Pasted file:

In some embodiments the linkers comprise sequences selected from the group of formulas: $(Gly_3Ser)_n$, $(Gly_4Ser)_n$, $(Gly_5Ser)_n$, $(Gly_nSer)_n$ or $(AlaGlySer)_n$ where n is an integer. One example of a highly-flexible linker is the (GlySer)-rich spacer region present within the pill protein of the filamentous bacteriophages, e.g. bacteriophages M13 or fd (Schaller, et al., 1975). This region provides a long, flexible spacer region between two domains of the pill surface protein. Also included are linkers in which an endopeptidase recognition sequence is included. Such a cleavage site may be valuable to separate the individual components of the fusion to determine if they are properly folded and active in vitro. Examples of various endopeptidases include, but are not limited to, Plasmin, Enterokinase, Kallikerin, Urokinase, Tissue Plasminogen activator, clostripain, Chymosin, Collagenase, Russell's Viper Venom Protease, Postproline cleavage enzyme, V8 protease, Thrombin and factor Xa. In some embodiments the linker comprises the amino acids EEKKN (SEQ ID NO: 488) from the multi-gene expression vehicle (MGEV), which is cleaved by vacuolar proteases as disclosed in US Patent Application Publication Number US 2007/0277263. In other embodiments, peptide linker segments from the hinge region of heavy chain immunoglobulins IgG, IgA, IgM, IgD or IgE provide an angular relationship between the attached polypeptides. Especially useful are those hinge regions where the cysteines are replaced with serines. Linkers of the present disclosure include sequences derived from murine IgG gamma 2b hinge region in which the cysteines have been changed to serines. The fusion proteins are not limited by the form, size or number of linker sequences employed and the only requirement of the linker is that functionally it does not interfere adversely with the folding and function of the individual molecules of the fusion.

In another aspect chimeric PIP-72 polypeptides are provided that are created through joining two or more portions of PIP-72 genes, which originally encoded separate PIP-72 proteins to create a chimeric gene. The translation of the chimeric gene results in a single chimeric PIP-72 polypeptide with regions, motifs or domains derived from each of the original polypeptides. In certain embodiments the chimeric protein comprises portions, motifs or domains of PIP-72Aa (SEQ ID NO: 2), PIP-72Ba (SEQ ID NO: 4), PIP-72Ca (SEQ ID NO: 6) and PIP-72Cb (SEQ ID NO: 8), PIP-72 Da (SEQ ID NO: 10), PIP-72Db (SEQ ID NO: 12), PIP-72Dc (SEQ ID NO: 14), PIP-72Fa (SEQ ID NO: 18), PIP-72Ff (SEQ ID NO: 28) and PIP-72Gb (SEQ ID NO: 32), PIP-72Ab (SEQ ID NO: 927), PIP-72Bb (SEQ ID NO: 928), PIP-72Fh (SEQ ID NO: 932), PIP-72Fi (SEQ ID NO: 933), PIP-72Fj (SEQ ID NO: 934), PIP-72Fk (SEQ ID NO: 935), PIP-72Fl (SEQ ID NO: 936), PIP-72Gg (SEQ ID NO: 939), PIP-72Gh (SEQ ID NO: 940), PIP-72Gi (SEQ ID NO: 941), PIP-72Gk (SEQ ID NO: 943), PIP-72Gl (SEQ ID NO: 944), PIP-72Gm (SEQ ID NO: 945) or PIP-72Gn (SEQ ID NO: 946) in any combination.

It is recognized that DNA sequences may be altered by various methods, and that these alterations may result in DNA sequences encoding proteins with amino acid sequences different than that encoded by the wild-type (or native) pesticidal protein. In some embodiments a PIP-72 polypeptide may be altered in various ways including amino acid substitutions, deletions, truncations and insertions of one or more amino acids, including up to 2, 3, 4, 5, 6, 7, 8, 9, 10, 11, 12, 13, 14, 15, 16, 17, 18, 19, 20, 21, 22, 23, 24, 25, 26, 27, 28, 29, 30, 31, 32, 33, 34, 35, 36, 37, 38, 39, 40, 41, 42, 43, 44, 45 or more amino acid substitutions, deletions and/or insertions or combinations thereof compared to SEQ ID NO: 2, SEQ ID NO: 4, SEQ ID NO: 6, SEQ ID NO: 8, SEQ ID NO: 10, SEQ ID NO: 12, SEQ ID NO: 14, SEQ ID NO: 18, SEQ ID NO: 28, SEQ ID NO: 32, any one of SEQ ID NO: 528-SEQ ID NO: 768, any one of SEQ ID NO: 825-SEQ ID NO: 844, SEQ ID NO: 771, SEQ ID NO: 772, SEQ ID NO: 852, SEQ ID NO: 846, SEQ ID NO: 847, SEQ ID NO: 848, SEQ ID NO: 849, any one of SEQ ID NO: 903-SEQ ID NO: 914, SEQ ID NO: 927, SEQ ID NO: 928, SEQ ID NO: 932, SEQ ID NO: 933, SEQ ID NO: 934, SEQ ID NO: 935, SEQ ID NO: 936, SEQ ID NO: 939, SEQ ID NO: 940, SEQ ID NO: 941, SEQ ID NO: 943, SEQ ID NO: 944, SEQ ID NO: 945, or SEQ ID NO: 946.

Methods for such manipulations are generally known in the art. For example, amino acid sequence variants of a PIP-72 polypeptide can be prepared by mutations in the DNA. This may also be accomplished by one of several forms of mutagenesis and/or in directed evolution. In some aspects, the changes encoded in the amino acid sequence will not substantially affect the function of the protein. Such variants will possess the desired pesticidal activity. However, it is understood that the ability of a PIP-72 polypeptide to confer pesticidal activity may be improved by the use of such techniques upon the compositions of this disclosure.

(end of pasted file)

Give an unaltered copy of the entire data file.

In some embodiments the linkers comprise sequences selected from the group of formulas: $(Gly_3Ser)_n$, $(Gly_4Ser)_n$, $(Gly_5Ser)_n$, $(Gly_nSer)_n$ or $(AlaGlySer)_n$ where n is an integer. One example of a highly-flexible linker is the (GlySer)-rich spacer region present within the pill protein of the filamentous bacteriophages, e.g. bacteriophages M13 or fd (Schaller, et al., 1975). This region provides a long, flexible spacer region between two domains of the pill surface protein. Also included are linkers in which an endopeptidase recognition sequence is included. Such a cleavage site may be valuable to separate the individual components of the fusion to determine if they are properly folded and active in vitro. Examples of various endopeptidases include, but are not limited to, Plasmin, Enterokinase, Kallikerin, Urokinase, Tissue Plasminogen activator, clostripain, Chymosin, Collagenase, Russell's Viper Venom Protease, Postproline cleavage enzyme, V8 protease, Thrombin and factor Xa. In some embodiments the linker comprises the amino acids EEKKN (SEQ ID NO: 488) from the multi-gene expression vehicle (MGEV), which is cleaved by vacuolar proteases as disclosed in US Patent Application Publication Number US 2007/0277263. In other embodiments, peptide linker segments from the hinge region of heavy chain immunoglobulins IgG, IgA, IgM, IgD or IgE provide an angular relationship between the attached polypeptides. Especially useful are those hinge regions where the cysteines are replaced with serines. Linkers of the present disclosure include sequences derived from murine IgG gamma 2b hinge region in which the cysteines have been changed to serines. The fusion proteins are not limited by the form, size or number of linker sequences employed and the only requirement of the linker is that functionally it does not interfere adversely with the folding and function of the individual molecules of the fusion.

In another aspect chimeric PIP-72 polypeptides are provided that are created through joining two or more portions of PIP-72 genes, which originally encoded separate PIP-72 proteins to create a chimeric gene. The translation of the chimeric gene results in a single chimeric PIP-72 polypeptide with regions, motifs or domains derived from each of the original polypeptides. In certain embodiments the chimeric protein comprises portions, motifs or domains of PIP-72Aa (SEQ ID NO: 2), PIP-72Ba (SEQ ID NO: 4), PIP-72Ca (SEQ ID NO: 6) and PIP-72Cb (SEQ ID NO: 8), PIP-72 Da (SEQ ID NO: 10), PIP-72Db (SEQ ID NO: 12), PIP-72Dc (SEQ ID NO: 14), PIP-72Fa (SEQ ID NO: 18), PIP-72Ff (SEQ ID NO: 28) and PIP-72Gb (SEQ ID NO: 32), PIP-72Ab (SEQ ID NO: 927), PIP-72Bb (SEQ ID NO: 928), PIP-72Fh (SEQ ID NO: 932), PIP-72Fi (SEQ ID NO: 933), PIP-72Fj (SEQ ID NO: 934), PIP-72Fk (SEQ ID NO: 935), PIP-72Fl (SEQ ID NO: 936), PIP-72Gg (SEQ ID NO: 939), PIP-72Gh (SEQ ID NO: 940), PIP-72Gi (SEQ ID NO: 941), PIP-72Gk (SEQ ID NO: 943), PIP-72Gl (SEQ ID NO: 944), PIP-72Gm (SEQ ID NO: 945) or PIP-72Gn (SEQ ID NO: 946) in any combination.

It is recognized that DNA sequences may be altered by various methods, and that these alterations may result in DNA sequences encoding proteins with amino acid sequences different than that encoded by the wild-type (or native) pesticidal protein. In some embodiments a PIP-72 polypeptide may be altered in various ways including amino acid substitutions, deletions, truncations and insertions of one or more amino acids, including up to 2, 3, 4, 5, 6, 7, 8, 9, 10, 11, 12, 13, 14, 15, 16, 17, 18, 19, 20, 21, 22, 23, 24, 25, 26, 27, 28, 29, 30, 31, 32, 33, 34, 35, 36, 37, 38, 39, 40, 41, 42, 43, 44, 45 or more amino acid substitutions, deletions and/or insertions or combinations thereof compared to SEQ ID NO: 2, SEQ ID NO: 4, SEQ ID NO: 6, SEQ ID NO: 8, SEQ ID NO: 10, SEQ ID NO: 12, SEQ ID NO: 14, SEQ ID NO: 18, SEQ ID NO: 28, SEQ ID NO: 32, any one of SEQ ID NO: 528-SEQ ID NO: 768, any one of SEQ ID NO: 825-SEQ ID NO: 844, SEQ ID NO: 771, SEQ ID NO: 772, SEQ ID NO: 852, SEQ ID NO: 846, SEQ ID NO: 847, SEQ ID NO: 848, SEQ ID NO: 849, any one of SEQ ID NO: 903-SEQ ID NO: 914, SEQ ID NO: 927, SEQ ID NO: 928, SEQ ID NO: 932, SEQ ID NO: 933, SEQ ID NO: 934, SEQ ID NO: 935, SEQ ID NO: 936, SEQ ID NO: 939, SEQ ID NO: 940, SEQ ID NO: 941, SEQ ID NO: 943, SEQ ID NO: 944, SEQ ID NO: 945, or SEQ ID NO: 946.

Methods for such manipulations are generally known in the art. For example, amino acid sequence variants of a PIP-72 polypeptide can be prepared by mutations in the DNA. This may also be accomplished by one of several forms of mutagenesis and/or in directed evolution. In some aspects, the changes encoded in the amino acid sequence will not substantially affect the function of the protein. Such variants will possess the desired pesticidal activity. However, it is understood that the ability of a PIP-72 polypeptide to confer pesticidal activity may be improved by the use of such techniques upon the compositions of this disclosure.